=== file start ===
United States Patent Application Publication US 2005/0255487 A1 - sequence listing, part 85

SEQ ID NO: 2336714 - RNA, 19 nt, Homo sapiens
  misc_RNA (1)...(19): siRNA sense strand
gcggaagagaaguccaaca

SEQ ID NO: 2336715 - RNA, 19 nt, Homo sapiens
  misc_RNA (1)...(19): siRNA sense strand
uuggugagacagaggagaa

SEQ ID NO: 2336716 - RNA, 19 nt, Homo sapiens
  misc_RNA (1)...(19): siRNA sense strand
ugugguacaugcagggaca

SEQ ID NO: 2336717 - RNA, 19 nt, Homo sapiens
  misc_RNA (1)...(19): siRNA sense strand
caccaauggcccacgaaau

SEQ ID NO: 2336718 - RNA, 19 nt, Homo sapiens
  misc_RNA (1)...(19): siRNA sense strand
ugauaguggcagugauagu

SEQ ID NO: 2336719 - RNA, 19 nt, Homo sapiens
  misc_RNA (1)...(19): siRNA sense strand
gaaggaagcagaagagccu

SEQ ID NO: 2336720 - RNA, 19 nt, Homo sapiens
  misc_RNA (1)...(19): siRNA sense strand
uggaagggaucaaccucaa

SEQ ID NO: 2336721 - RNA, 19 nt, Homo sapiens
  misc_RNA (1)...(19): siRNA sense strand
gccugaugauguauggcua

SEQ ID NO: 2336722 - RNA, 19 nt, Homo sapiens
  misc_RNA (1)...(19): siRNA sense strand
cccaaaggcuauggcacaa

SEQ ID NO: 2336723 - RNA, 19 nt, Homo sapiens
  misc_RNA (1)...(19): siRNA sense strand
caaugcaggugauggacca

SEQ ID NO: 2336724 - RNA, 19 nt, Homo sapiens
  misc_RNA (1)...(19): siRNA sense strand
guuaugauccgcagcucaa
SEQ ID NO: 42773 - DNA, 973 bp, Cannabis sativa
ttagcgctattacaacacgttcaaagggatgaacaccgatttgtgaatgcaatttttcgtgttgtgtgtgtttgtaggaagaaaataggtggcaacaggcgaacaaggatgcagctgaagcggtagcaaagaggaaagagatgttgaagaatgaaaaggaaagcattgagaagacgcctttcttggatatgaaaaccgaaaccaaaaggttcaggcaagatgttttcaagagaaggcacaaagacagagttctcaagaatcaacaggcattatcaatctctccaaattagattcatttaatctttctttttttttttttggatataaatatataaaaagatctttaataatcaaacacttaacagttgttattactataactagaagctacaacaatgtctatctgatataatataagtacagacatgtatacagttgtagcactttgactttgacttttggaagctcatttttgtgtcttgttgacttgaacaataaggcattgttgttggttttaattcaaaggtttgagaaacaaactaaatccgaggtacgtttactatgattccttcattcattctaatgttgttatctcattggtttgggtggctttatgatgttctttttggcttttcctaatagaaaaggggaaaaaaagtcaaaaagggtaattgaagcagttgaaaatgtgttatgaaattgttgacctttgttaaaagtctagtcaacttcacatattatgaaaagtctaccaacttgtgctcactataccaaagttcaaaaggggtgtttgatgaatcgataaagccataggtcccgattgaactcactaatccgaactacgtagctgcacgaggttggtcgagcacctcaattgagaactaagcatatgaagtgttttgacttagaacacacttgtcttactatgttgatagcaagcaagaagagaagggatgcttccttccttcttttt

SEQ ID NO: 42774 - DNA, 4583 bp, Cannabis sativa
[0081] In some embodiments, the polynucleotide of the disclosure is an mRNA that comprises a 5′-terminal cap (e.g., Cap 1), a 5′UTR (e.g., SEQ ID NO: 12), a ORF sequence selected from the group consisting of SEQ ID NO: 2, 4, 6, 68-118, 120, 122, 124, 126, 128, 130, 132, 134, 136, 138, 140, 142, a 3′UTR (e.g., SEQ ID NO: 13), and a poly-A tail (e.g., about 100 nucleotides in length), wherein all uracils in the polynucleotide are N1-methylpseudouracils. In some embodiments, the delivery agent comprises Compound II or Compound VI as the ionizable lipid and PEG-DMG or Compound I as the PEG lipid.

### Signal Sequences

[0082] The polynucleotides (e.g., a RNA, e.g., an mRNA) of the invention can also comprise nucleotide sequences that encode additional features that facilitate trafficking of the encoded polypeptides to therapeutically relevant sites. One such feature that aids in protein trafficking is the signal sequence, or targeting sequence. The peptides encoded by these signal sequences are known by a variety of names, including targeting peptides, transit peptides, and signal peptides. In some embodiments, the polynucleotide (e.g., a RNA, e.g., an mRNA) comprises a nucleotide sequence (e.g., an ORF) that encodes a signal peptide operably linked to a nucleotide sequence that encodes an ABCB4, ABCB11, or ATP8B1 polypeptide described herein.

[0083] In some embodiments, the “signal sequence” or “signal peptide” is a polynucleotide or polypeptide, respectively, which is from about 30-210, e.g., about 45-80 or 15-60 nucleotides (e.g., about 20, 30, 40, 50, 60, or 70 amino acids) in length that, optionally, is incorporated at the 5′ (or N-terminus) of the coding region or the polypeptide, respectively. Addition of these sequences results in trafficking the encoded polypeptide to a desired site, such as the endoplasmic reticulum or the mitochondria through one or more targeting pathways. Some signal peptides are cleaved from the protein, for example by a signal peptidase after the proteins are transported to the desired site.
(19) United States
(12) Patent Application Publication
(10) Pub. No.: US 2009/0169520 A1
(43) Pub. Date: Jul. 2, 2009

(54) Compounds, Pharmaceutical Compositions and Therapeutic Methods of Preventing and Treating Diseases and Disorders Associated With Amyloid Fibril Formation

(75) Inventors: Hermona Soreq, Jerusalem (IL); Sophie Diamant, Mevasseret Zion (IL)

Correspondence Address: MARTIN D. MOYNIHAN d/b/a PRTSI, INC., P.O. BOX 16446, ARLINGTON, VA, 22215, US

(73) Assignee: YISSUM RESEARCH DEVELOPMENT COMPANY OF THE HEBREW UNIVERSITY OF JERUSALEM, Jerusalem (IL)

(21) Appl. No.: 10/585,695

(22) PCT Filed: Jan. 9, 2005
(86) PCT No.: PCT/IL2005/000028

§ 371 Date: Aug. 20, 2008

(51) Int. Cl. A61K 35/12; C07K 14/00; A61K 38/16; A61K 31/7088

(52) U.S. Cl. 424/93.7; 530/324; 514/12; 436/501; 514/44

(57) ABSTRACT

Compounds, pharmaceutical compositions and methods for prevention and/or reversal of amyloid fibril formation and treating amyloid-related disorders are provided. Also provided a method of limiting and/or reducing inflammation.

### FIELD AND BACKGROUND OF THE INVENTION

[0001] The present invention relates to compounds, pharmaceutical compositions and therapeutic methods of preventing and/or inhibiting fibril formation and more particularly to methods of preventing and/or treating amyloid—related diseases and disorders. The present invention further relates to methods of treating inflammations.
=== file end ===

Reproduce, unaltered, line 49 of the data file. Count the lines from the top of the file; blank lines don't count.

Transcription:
(73) Assignee: YISSUM RESEARCH DEVELOPMENT COMPANY OF THE HEBREW UNIVERSITY OF JERUSALEM, Jerusalem (IL)